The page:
Tuesday, September 12, 2017

Thinking Ahead - Harvest Time at Paradocx

It's Harvest Time

We often ask the question: "What is your favorite time of year?" My kids give me different answers. My oldest loves Thanksgiving time. The twins love summer and Fourth of July. For me it's Autumn or as we like to call it here at the vineyard, "Harvest" time. 

I am a sucker for obvious reasons. The smells, the leaves, the cool air, the action at the vineyard, and Oktoberfest.

Why am I writing about this early September?   We have to plan ahead. The winemaker, getting ready for the harvest, the event planner, planning some of our biggest events of the year, and me, the cicerone, (fancy word for beer guy), needs to tap the fall harvest beers on time. 

Don't just blame us, look at the stores, you will probably see Halloween costumes already. I think I will be The Doctor, though I hear The Doctor will be a woman, oh well, we'll work it out somehow.

So what does that mean "Fall Harvest" beers? It can mean many things, specialty beers found mainly during the Autumn season. This could be a marzen style, which is sometimes referred to as Oktoberfest beer. It could be a pumpkin beer. It could also be just an excuse for a new seasonal offering. 

I start to see more Bocks and Dunkles this time of year too. Expect less bitterness and a bit more malt. Expect light caramel and biscuit like flavors. You may find wet hopped beers; this is a beer with more hop flavor but less bitterness. You may see beers laced with maple and spices, some with pecans, others with yams. Sounds like Thanksgiving huh? Can I get some stuffing with my beer?

If you are going to switch from burgers to German sausage or from macaroni salad to sauerkraut, then you might as well switch from lighter summer offerings to sweeter ales and toastier lagers.

I'm putting my feelers out and seeking a Pumpkin Ale and, or an Oktoberfest style beer to represent the harvest season here at the Vineyard and The Market at Liberty Place. So stay tuned.

But what is an Oktoberfest beer and how did it originate? First, let me tell you where I have yet to visit and where the term Oktoberfest originated.

On October 12th, 1810, Crown Prince Ludwig married Princess Therese of Saxony-Hildurghausen. This was kind of a big deal because the entire town of Munich attended the festivities. It concluded with a feast and horse racing. Only 100 people attended my wedding and no horses..... The fields have been named Theresienwiese ("Theresa's fields") in honor of the Crown Princess ever since.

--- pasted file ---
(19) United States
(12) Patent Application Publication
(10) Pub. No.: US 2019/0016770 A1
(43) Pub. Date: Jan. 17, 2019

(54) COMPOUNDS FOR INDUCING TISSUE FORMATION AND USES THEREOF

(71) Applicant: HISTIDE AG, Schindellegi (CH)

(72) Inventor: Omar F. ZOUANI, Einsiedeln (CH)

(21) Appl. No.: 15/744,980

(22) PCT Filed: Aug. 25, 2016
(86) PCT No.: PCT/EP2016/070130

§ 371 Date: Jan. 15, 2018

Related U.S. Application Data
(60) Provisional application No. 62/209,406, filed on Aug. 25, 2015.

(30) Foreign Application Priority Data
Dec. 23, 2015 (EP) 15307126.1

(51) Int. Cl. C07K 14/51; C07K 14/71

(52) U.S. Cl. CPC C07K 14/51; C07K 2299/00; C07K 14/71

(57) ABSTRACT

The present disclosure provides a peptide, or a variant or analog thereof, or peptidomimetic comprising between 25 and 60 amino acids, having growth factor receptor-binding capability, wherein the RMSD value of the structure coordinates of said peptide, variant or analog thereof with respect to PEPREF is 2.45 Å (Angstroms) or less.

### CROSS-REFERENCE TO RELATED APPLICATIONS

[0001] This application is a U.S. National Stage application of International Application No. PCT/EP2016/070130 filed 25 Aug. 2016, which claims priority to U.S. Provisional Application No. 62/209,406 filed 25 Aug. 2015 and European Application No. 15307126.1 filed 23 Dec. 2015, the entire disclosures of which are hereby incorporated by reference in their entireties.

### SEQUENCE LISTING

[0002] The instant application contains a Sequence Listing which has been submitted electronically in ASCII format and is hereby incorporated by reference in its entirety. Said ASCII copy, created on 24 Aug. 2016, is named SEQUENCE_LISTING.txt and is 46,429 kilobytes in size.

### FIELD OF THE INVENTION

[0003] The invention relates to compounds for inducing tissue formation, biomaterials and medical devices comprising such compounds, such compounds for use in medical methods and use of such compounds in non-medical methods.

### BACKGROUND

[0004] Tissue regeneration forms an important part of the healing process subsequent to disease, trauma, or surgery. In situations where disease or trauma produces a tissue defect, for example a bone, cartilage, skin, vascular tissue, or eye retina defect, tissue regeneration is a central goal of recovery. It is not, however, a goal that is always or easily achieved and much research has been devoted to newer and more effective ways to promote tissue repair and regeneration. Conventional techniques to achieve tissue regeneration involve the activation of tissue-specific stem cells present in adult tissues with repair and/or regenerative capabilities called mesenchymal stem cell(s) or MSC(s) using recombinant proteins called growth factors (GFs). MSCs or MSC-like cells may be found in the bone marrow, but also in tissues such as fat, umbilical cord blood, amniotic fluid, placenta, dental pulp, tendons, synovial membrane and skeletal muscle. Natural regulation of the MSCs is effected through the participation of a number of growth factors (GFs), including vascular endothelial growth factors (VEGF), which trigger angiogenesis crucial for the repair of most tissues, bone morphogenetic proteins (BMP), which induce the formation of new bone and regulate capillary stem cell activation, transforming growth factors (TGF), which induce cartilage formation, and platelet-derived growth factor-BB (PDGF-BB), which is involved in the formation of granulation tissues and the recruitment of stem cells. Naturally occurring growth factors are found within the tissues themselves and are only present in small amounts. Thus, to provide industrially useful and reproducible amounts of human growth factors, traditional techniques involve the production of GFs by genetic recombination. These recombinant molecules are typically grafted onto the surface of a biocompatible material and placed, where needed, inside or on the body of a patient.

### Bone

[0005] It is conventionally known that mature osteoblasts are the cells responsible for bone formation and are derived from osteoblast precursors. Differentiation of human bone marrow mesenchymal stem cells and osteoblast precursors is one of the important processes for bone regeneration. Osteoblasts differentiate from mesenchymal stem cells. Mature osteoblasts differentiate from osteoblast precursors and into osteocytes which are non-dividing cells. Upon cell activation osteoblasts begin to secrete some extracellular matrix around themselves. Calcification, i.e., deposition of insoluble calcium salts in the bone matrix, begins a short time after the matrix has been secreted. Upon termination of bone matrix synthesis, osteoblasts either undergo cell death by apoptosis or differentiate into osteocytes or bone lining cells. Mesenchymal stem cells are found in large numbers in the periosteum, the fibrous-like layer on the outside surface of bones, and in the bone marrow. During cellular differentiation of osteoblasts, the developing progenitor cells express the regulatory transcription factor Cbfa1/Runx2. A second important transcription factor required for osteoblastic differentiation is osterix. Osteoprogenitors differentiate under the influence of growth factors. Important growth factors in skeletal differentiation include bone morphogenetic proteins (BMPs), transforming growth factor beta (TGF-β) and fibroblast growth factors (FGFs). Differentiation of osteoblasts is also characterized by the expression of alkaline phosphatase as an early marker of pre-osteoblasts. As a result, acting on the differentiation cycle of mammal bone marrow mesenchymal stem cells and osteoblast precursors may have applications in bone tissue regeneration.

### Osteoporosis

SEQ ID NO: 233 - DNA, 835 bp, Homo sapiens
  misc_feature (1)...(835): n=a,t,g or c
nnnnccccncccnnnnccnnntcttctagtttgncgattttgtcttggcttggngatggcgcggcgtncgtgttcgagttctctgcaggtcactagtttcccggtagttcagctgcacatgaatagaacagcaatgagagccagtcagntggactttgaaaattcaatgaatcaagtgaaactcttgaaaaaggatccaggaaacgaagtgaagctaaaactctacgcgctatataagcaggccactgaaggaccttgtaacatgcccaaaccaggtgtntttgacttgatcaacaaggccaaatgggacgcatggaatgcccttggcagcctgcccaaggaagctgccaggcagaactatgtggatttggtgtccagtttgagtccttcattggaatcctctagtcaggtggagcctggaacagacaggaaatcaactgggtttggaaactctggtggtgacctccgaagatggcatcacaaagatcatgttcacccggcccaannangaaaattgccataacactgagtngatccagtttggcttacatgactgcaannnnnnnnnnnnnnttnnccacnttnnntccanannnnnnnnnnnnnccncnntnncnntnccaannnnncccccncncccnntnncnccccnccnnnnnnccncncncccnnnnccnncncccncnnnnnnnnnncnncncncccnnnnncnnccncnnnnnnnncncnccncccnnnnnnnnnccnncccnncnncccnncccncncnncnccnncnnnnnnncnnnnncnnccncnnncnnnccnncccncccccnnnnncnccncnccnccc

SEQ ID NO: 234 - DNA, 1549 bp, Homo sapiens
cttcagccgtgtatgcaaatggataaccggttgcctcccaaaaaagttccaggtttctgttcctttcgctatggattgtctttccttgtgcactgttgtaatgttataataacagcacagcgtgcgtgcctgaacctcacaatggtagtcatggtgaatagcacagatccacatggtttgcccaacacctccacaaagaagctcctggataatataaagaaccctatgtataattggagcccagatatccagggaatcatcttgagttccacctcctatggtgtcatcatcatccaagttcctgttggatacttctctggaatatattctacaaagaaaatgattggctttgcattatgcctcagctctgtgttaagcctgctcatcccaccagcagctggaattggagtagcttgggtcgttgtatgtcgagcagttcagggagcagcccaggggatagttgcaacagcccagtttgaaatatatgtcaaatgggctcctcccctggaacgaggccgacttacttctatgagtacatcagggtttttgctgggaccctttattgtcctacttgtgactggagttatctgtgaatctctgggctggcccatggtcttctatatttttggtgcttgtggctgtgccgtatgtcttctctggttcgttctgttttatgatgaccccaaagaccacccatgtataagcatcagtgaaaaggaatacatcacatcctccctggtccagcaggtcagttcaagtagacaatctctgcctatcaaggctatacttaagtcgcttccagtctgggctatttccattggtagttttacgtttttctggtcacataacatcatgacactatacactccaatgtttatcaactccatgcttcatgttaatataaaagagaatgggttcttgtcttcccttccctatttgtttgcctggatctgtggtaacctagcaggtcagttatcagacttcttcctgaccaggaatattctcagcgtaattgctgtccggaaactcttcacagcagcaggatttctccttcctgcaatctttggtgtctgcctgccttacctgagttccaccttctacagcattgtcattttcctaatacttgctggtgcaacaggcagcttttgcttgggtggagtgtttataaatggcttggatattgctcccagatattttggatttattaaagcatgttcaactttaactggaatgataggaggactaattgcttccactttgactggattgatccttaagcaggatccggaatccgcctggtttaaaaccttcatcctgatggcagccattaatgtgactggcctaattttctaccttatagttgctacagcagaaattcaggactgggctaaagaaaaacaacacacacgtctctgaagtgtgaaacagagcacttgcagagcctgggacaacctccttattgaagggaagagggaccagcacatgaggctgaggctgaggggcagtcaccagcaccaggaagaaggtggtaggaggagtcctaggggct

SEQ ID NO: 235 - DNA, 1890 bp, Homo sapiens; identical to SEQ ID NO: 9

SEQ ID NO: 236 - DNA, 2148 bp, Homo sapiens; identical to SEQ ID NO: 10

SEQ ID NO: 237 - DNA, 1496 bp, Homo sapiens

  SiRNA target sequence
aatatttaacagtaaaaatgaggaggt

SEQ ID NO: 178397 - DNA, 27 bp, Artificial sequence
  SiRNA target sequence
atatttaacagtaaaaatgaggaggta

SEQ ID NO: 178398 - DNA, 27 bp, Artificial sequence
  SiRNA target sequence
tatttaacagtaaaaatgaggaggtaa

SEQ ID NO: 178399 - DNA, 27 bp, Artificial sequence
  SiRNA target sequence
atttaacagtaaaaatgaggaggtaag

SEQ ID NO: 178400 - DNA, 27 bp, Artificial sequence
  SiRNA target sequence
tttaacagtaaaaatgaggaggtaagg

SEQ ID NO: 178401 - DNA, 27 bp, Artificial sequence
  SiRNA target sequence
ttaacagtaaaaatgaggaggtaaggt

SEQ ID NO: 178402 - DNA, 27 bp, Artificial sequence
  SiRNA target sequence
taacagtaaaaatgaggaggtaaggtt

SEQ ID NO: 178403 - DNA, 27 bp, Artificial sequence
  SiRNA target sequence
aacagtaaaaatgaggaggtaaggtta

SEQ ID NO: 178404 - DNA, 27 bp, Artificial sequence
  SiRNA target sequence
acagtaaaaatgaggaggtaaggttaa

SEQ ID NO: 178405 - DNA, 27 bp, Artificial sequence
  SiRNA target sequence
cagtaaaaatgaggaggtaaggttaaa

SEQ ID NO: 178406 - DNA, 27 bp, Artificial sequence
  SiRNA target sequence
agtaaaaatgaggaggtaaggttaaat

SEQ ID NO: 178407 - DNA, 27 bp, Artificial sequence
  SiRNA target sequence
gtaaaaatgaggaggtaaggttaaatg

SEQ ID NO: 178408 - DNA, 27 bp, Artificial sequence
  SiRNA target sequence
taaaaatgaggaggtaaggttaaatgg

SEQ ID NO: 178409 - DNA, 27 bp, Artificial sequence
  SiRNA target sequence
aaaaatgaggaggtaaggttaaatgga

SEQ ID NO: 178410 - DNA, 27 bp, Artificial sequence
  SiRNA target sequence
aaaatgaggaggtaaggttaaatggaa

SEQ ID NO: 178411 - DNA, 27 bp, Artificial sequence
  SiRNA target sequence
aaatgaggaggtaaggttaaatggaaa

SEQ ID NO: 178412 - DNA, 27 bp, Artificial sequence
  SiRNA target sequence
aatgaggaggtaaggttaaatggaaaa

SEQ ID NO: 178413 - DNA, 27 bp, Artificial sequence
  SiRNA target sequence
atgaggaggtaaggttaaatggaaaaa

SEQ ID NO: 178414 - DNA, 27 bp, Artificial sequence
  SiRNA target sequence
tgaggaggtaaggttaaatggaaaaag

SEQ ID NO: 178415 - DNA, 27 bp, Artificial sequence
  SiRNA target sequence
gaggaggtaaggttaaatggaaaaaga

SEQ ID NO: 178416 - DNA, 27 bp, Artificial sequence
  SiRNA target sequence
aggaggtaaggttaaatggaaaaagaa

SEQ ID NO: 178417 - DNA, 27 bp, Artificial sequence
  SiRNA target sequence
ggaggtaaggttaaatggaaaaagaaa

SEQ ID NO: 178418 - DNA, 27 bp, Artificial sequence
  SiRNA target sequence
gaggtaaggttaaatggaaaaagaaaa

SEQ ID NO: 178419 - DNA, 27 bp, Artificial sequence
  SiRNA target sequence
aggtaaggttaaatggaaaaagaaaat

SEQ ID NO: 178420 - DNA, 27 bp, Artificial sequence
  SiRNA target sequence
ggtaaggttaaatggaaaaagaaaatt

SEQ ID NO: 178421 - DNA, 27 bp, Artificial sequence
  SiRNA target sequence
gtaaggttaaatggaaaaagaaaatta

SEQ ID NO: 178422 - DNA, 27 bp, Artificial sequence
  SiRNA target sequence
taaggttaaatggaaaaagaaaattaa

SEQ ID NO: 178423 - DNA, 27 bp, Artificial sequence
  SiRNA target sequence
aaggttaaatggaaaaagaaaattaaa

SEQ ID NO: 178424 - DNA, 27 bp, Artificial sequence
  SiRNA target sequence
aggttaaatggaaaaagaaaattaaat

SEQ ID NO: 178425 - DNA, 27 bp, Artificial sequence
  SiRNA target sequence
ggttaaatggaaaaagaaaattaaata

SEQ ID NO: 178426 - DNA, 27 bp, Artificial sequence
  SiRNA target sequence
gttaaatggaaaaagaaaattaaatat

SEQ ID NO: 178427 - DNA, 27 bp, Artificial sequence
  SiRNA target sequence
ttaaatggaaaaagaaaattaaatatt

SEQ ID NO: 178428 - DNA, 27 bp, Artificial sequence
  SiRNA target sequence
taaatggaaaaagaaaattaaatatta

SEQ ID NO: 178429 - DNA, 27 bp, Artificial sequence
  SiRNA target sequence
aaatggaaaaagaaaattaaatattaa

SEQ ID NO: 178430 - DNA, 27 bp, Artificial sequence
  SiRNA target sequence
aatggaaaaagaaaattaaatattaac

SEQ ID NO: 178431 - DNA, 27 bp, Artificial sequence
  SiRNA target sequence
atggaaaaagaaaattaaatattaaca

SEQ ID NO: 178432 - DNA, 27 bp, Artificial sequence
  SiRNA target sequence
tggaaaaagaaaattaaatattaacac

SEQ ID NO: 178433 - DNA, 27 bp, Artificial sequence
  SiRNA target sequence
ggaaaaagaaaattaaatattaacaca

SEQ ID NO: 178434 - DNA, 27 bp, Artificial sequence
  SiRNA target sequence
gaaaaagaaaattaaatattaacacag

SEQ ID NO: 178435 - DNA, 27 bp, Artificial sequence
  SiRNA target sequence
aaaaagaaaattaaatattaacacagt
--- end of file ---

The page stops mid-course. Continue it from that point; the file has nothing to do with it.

Leave it to us lazy people to abbreviate it to "Wies'n". The following year they added an Agricultural fair and continued the horse racing. This was the birth of what we know as Oktoberfest. Now over 6 million sausage hungry and beer thirsty visitors flock to Munich for a 16 day fest. Food, singers, dancers, and all the rides a kiddie needs.

Ok Already, What is an Oktoberfest Beer?

The origin of Marzen style beers dates pre-16th century. Germany has always been very strict with brewing practices and beer ingredients. One such rule is that beer may only be brewed between the months of September and April. The Marzen is brewed in March hence the name Marz meaning March.

The beer was meant to last during the warmer months and the remainder drunk during Oktoberfest. Marzen was orginally a dark, full bodied, bitter beer, but now ranges from pale (Helles Märzen) to dark brown Dunkles Märzen. Expect medium to full bodied with a malty profile, and a clean dry finish.

One Final Thought

 Did you know lost & found collects around 5,000 items each year during Oktoberfest?

“Honey, I Lost my kid” This apparently occurs often because they have a lost and found children's station.

At the winery we occasionally find the missing phone or coat, but at the Oktoberfest in Munich, crazy visitors lose the strangest things, such as wheelchairs, baby carriages, crutches, dentals, at least one a year, a segway, a Weiner dog, a wedding ring, a garden gnome, a fishing rod,  a court order, a pet grasshopper, and a signed playboy magazine, and I hear they are still holding onto a guitar, a drum, and $50,000 in cash. Did I just say a court order? Probably the same thief that stole the garden gnome and my dog. Finders keepers I guess.

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